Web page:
Consumer driven health plan growth slows

September 15, 2010

Consumer driven health plans (CDHPs) in the U.S. experienced continued growth this year, albeit at a slower rate than in 2009, according to preliminary results released by United Benefit Advisors (UBA) from its "2010 UBA Health Plan Survey."

Consumer driven health plans (CDHPs) in the U.S. experienced continued growth this year, albeit at a slower rate than in 2009, according to preliminary results released by United Benefit Advisors (UBA) from its "2010 UBA Health Plan Survey," which includes responses from 17,113 plans sponsored by 11,413, employers.

CDHPs grew at a rate of 18.1% this past year (about half that of 2009), but they no longer cover more employees (12.4%) than HMO plans (15.4%), according to Bill Stafford, UBA vice president, Member Services. The Northeast region of the country had the largest concentration of CDHPs (26.7%), followed by the Southeast region (22.9%). The average cost increase for all CDHPs at 7.3% was slightly lower than that of the average of all plan types, which increased 8% this year.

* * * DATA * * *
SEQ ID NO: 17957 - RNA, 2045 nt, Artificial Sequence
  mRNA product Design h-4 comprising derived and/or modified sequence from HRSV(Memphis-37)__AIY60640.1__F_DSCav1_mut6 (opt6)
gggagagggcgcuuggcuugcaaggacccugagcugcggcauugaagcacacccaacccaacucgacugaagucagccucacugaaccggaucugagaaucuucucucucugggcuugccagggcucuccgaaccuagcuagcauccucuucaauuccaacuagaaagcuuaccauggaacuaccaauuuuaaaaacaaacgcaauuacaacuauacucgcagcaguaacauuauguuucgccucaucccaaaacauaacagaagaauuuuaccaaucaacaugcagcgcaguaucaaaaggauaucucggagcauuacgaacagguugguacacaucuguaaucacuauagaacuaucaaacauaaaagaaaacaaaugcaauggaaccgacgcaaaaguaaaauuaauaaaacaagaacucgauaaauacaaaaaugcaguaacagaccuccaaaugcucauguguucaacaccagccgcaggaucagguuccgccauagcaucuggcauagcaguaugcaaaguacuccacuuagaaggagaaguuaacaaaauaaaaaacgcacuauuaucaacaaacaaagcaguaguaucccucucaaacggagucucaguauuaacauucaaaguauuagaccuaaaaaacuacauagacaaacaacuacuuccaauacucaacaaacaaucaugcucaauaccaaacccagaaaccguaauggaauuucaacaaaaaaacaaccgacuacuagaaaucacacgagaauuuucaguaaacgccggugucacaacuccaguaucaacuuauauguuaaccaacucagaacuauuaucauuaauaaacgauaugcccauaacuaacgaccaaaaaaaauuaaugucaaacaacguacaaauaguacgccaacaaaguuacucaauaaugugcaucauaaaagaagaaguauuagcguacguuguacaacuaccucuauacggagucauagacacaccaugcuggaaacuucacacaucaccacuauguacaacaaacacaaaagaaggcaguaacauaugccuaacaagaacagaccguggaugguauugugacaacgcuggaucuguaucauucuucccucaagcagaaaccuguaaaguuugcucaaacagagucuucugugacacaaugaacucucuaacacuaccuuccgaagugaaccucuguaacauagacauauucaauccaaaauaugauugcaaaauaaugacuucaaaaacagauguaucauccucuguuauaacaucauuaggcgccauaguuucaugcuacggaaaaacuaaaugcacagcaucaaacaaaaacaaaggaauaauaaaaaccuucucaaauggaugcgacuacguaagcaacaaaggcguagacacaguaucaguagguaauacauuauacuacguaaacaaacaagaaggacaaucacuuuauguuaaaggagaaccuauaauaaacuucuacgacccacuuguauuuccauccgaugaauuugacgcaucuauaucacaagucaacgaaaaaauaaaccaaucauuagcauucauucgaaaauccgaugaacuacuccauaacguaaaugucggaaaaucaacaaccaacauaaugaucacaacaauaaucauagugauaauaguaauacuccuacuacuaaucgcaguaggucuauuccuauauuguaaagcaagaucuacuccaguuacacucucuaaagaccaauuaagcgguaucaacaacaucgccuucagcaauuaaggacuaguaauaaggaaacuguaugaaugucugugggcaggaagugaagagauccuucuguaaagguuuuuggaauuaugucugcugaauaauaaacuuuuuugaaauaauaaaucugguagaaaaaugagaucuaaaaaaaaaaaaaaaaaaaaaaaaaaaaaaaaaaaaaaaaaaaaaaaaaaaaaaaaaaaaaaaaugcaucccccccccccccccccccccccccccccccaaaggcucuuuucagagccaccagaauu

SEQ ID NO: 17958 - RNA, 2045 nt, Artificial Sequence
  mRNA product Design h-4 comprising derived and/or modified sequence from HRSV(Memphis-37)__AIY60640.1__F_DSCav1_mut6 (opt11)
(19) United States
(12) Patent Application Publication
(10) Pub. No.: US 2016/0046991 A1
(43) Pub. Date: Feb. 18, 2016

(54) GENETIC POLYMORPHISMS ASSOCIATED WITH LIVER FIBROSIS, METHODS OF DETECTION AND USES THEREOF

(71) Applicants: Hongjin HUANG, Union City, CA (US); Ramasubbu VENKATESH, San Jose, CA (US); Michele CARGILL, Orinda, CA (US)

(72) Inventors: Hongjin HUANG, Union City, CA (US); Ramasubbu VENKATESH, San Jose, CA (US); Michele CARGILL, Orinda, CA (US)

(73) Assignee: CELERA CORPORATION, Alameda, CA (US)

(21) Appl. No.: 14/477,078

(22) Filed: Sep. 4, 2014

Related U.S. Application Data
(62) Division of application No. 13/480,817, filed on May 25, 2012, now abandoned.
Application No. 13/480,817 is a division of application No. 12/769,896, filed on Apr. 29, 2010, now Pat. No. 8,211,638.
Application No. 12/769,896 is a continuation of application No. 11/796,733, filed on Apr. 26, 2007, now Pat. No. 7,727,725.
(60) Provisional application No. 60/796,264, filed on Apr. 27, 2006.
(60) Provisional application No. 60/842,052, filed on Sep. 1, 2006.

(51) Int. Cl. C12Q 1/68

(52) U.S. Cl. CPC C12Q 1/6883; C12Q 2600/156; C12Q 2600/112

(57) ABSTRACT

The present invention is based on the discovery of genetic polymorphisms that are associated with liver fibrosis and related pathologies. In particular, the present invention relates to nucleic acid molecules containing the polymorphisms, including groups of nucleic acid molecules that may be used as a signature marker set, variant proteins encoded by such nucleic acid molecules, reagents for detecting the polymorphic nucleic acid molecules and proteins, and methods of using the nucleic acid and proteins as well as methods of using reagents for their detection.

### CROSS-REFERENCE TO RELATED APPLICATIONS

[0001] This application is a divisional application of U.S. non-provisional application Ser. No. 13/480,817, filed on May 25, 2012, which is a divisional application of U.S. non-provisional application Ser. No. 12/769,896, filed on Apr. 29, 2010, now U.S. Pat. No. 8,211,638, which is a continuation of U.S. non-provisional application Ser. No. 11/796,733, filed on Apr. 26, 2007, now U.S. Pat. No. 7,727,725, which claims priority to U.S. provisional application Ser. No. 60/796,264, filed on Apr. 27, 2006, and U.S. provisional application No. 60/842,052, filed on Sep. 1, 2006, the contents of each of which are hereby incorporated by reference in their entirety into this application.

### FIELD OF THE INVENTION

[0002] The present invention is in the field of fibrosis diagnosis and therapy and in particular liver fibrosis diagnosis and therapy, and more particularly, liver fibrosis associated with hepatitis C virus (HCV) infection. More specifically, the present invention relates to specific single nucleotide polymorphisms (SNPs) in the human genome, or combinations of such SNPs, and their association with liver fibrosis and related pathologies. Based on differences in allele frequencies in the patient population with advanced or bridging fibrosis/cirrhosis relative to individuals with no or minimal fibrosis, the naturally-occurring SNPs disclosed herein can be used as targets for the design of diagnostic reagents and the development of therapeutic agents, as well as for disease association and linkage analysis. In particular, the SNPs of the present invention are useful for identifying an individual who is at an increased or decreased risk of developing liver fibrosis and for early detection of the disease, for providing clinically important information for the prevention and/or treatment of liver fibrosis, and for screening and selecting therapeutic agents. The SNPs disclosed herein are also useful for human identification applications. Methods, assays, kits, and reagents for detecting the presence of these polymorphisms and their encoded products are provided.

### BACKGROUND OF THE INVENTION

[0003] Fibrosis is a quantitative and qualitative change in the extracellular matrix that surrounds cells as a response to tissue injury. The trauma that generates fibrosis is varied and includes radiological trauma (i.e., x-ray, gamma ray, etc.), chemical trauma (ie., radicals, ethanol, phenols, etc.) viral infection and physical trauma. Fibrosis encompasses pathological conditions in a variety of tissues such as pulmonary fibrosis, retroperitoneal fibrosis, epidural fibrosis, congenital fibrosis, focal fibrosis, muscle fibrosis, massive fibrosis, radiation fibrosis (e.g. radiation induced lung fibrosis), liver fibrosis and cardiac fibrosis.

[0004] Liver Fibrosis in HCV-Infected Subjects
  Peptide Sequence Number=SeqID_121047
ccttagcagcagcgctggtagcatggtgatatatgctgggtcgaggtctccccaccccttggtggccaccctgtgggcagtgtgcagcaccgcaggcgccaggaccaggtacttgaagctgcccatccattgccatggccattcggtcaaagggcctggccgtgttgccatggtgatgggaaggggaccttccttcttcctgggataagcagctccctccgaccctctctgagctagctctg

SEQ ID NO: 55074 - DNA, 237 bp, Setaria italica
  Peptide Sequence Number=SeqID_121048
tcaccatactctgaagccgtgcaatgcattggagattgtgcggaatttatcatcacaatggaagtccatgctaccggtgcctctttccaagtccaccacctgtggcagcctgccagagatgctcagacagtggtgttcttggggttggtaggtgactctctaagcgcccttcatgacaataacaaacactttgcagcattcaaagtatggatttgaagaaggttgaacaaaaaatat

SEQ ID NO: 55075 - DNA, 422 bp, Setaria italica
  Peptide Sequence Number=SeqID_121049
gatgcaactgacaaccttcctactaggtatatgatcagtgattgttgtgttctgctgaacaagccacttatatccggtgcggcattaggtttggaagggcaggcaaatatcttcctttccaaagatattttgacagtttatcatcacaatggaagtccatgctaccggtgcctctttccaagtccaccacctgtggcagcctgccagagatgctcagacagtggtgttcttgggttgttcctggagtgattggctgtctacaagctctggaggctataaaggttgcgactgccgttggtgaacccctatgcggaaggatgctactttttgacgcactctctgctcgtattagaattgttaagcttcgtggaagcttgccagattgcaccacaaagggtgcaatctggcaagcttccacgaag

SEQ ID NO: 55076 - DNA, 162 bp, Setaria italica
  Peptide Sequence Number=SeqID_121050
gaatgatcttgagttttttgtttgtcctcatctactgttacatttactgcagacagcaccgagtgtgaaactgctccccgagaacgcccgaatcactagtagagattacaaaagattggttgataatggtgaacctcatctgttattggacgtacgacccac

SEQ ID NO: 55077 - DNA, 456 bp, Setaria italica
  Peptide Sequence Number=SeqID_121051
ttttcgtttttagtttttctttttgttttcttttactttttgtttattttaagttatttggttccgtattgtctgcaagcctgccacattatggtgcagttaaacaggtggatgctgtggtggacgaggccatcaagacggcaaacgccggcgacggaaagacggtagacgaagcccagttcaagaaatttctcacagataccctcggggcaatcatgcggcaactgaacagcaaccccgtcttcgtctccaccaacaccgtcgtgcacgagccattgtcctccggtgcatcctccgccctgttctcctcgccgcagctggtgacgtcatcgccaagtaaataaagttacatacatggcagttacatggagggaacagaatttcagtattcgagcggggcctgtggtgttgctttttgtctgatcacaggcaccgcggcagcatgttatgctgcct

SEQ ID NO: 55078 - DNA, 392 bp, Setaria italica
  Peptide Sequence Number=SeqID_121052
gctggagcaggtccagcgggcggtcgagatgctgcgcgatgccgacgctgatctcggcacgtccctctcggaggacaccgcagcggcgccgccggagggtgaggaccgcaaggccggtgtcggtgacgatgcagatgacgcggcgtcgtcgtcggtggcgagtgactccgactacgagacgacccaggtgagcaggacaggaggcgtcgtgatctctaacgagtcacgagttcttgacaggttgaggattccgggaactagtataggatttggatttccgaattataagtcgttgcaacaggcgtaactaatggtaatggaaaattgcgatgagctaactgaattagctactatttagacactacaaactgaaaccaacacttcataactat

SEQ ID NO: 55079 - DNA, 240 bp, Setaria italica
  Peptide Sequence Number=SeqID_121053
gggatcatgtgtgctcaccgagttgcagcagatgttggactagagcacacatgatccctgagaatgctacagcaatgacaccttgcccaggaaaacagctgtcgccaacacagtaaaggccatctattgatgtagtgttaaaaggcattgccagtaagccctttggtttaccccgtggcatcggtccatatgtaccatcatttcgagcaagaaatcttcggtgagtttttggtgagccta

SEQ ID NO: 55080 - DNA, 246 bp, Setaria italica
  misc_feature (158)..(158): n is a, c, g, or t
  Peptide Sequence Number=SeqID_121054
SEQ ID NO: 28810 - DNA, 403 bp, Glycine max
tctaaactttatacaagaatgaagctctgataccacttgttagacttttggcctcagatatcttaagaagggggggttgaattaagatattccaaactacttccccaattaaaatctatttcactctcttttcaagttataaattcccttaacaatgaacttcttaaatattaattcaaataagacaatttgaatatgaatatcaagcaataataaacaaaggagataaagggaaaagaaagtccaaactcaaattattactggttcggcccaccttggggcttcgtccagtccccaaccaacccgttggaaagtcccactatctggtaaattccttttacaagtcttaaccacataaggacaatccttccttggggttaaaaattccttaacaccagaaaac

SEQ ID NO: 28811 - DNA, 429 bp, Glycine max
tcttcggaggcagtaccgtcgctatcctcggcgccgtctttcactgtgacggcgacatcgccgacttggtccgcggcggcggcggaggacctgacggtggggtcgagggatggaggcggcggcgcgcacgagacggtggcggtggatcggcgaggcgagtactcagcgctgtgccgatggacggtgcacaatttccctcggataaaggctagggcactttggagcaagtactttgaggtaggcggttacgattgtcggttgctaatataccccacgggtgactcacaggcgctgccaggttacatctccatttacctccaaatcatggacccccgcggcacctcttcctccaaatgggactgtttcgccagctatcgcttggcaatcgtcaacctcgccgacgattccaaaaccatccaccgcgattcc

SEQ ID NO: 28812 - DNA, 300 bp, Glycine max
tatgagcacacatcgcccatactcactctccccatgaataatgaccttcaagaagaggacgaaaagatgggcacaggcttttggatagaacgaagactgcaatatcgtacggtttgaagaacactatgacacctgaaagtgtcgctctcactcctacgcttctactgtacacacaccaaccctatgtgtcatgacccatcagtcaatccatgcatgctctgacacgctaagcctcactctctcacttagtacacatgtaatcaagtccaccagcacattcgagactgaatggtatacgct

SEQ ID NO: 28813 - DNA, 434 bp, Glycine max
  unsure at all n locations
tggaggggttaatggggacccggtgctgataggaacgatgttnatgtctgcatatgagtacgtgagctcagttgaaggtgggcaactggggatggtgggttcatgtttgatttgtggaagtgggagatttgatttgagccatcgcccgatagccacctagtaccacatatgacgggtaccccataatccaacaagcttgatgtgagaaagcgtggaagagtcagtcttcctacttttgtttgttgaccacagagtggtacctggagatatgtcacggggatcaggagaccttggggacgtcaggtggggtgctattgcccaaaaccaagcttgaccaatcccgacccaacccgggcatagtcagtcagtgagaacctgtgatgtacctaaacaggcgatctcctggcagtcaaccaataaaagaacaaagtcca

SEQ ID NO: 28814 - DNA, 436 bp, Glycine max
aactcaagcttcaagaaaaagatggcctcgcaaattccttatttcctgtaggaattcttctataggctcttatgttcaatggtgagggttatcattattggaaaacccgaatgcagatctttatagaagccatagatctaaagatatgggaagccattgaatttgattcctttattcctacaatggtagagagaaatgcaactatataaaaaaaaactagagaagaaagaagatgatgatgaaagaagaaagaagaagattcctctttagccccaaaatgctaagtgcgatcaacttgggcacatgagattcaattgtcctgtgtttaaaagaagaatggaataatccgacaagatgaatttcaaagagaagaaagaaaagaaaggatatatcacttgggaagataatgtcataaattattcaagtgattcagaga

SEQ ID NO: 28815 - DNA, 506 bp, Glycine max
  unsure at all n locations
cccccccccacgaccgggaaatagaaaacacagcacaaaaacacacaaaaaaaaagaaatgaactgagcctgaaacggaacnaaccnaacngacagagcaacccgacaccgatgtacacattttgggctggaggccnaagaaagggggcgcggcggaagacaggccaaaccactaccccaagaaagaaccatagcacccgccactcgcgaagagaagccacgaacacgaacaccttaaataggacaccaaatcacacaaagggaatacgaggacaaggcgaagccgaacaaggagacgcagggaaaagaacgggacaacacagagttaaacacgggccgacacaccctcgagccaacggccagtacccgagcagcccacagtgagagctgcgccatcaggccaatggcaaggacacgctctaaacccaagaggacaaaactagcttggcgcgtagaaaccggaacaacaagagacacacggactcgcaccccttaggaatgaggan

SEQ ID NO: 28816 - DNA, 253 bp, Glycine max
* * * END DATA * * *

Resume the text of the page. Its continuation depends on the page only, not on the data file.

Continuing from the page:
Employers often offset the higher out-of-pocket costs of CDHPs by offering employees a health reimbursement arrangement (HRA) or a health savings account (HSA) and contributing funds. The 2010 UBA Health Plan Survey found the average employer contribution to an HRA was $1,481 (up from $1,310 in 2009) for a single employee and $2,857 for a family (up from $2,502 in 2009).

“The trend toward employee empowerment and participation continues in 2010 when it comes to healthcare,” said Stafford in a statement. “Employees are taking more control over healthcare expenditures by increasing participation in CDHPs, and they are also realizing that there are financial benefits - in addition to health benefits - of participating in wellness programs.”

Other information from this year’s survey results:

  • The average increase for all plan types was 8%.

  • PPO plans have nearly two-thirds of all enrolled employees (65.7%).

  • Fee For Service Plans will no longer be reported as the plans remaining are insufficient to develop legitimate benchmarks.

  • The average employee contribution for plans with contributions for all plan types is $113 for single and $443 for family.

  • More than three-fourths of all wellness plans (77.1%) offered a health risk assessment.

  • Of all plans in the Northeast, 81.7% still have 100% coinsurance.

  • 52.9% of all covered employees also elected to cover their dependents.